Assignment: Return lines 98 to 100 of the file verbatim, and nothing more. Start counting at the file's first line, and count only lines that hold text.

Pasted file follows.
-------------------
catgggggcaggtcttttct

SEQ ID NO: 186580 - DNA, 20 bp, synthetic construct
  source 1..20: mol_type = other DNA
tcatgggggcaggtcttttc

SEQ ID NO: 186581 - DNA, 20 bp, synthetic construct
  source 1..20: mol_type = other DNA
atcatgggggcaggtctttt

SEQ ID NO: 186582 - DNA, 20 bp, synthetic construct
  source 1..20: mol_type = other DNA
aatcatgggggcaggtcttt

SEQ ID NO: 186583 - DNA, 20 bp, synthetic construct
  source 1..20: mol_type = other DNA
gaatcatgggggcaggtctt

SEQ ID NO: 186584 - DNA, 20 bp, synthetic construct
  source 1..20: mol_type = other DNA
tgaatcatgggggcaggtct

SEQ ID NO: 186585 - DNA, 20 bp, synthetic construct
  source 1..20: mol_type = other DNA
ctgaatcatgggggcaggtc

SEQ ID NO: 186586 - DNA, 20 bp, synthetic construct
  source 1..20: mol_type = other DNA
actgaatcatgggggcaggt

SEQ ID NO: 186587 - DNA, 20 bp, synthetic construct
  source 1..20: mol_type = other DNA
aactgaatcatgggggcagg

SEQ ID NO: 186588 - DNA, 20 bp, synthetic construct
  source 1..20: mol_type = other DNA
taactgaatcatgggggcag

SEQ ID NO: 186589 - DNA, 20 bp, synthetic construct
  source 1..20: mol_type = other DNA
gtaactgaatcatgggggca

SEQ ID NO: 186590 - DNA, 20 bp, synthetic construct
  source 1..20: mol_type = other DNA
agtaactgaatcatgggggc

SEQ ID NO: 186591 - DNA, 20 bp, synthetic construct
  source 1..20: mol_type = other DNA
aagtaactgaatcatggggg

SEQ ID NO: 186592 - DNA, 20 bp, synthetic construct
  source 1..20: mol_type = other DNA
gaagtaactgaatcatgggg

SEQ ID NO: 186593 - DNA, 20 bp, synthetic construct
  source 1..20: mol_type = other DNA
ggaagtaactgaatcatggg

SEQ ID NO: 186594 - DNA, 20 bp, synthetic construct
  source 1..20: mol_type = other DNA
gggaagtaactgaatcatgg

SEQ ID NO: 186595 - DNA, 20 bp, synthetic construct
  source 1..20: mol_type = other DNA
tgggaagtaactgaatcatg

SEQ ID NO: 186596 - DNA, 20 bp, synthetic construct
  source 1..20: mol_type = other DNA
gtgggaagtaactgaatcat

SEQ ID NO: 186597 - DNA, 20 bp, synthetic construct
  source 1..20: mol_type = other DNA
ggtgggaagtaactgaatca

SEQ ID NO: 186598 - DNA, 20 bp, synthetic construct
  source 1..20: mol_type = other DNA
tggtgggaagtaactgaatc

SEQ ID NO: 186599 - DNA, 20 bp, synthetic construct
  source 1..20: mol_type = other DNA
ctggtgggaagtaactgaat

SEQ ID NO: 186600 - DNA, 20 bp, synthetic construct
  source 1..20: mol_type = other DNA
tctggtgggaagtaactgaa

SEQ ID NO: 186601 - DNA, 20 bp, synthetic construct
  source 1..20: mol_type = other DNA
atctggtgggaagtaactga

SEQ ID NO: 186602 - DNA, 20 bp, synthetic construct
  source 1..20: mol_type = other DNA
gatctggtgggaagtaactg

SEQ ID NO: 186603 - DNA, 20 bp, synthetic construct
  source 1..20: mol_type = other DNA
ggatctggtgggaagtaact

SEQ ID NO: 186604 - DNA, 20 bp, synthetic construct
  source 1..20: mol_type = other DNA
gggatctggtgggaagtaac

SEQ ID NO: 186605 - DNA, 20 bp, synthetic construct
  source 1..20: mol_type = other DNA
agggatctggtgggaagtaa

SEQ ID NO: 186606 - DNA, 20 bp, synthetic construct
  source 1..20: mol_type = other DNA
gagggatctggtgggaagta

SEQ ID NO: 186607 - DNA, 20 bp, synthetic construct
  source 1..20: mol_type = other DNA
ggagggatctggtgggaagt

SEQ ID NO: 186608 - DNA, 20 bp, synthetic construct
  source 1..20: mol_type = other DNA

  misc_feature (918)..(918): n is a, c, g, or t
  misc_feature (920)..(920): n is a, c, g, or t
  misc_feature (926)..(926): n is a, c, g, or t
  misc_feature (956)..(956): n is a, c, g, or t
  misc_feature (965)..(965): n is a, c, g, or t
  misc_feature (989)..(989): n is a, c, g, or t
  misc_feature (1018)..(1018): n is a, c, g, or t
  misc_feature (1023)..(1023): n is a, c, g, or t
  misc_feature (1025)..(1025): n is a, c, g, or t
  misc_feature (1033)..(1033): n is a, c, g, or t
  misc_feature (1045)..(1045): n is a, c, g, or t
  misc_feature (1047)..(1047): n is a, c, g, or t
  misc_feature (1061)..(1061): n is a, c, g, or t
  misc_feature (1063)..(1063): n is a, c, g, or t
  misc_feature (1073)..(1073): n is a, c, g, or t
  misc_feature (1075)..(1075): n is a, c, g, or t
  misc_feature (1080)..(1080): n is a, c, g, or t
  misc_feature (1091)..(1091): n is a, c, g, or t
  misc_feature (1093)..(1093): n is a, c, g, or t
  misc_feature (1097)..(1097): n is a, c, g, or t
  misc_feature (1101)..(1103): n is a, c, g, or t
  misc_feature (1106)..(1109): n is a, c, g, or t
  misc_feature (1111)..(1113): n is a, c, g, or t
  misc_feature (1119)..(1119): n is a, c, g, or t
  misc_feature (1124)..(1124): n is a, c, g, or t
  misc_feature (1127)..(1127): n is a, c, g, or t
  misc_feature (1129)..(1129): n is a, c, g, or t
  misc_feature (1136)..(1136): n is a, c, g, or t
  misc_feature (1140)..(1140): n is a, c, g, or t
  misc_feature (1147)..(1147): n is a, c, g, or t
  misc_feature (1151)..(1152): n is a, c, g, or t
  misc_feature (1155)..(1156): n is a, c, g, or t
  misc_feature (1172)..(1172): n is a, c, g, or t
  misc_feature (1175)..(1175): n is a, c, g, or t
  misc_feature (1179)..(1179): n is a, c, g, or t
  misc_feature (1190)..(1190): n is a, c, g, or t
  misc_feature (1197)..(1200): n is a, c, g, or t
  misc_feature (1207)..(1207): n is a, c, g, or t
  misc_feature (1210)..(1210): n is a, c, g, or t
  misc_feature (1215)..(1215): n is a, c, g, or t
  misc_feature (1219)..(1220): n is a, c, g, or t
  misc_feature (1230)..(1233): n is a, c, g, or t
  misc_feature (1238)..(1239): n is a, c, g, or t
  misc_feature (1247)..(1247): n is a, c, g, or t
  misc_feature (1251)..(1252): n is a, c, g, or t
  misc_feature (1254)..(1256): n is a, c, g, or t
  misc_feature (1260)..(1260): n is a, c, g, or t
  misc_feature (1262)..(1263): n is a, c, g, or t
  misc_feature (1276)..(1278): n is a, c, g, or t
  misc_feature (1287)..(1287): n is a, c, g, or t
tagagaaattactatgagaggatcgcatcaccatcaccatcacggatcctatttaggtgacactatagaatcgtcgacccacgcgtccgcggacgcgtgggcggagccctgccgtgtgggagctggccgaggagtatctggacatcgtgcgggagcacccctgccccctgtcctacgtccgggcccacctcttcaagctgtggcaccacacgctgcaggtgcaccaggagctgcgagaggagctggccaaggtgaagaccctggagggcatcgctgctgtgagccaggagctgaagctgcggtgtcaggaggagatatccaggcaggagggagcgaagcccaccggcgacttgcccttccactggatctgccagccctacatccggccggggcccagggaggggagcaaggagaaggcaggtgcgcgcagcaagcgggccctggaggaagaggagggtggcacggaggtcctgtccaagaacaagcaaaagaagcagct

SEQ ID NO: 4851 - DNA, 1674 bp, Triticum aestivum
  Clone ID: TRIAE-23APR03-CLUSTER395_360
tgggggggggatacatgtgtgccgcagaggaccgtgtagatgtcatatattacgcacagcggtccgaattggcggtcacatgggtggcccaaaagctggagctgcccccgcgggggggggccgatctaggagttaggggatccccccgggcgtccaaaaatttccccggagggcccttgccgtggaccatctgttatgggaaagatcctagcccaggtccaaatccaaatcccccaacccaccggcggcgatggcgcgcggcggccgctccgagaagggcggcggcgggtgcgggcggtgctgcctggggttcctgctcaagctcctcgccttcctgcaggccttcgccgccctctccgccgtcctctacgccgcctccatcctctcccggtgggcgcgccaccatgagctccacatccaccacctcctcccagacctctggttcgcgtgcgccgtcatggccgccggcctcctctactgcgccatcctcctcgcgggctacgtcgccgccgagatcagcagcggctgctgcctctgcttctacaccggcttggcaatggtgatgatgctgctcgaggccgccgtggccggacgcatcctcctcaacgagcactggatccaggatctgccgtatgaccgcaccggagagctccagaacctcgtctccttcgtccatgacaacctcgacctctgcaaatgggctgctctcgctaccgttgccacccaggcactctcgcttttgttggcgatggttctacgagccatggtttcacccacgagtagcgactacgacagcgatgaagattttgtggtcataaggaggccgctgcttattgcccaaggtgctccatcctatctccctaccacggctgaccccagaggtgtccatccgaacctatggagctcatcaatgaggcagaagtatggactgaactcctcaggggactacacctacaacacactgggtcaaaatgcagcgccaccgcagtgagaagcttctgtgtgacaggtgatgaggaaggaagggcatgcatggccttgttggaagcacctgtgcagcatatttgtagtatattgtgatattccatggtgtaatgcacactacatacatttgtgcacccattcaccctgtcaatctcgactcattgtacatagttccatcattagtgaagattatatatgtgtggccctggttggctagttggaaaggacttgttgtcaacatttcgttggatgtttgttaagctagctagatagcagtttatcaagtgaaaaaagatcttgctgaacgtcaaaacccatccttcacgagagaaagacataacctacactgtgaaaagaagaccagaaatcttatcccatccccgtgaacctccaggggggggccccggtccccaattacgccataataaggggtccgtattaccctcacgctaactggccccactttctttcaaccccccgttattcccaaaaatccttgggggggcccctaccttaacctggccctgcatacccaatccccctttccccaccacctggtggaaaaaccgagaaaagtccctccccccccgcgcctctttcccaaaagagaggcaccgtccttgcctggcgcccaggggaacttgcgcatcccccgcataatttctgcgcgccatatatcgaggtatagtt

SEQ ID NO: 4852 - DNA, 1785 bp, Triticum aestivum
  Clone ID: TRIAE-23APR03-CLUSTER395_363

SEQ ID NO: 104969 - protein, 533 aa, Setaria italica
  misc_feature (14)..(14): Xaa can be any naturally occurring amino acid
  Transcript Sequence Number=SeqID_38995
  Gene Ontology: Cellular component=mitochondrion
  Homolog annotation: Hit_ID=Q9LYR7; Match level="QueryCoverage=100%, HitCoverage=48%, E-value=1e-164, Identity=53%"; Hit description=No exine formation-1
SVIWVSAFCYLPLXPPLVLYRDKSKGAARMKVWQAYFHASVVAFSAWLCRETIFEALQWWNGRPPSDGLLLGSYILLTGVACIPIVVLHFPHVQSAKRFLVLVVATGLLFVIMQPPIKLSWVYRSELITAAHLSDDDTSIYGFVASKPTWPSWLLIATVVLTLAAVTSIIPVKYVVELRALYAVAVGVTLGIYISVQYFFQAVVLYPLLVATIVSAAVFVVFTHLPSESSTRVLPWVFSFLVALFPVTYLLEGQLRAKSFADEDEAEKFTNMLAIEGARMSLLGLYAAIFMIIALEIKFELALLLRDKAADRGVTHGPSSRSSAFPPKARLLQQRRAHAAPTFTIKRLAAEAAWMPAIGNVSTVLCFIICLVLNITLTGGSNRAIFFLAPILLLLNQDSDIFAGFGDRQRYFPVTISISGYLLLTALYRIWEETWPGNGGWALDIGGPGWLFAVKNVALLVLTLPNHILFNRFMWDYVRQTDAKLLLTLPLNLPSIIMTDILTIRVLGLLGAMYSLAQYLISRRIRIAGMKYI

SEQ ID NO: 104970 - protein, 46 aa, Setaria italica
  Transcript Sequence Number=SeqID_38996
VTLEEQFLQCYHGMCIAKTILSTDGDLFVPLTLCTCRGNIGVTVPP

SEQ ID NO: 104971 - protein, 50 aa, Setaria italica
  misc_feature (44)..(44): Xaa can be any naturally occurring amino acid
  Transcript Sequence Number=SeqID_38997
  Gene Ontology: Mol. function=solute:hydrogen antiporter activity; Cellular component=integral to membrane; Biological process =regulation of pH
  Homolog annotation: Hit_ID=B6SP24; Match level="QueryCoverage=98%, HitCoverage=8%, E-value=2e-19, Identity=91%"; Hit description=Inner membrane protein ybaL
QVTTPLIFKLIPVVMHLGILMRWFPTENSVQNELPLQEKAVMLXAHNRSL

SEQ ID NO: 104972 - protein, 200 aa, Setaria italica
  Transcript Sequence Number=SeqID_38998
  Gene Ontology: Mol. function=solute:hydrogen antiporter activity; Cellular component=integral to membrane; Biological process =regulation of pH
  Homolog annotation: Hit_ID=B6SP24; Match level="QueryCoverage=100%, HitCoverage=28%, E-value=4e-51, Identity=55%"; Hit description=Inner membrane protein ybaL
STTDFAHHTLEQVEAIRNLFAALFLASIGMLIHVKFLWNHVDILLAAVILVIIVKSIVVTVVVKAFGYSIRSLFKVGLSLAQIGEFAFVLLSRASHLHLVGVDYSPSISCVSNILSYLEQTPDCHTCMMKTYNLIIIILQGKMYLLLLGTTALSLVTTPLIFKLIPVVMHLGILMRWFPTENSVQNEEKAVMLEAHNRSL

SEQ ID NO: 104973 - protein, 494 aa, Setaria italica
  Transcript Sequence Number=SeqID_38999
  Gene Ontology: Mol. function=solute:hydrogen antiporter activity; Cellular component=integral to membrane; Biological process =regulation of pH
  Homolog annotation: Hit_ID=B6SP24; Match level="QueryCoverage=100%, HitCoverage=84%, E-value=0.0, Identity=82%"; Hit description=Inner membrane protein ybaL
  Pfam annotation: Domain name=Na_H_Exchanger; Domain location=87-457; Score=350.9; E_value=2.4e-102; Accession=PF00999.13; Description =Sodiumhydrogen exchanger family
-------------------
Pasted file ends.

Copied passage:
  misc_feature (1045)..(1045): n is a, c, g, or t
  misc_feature (1047)..(1047): n is a, c, g, or t
  misc_feature (1061)..(1061): n is a, c, g, or t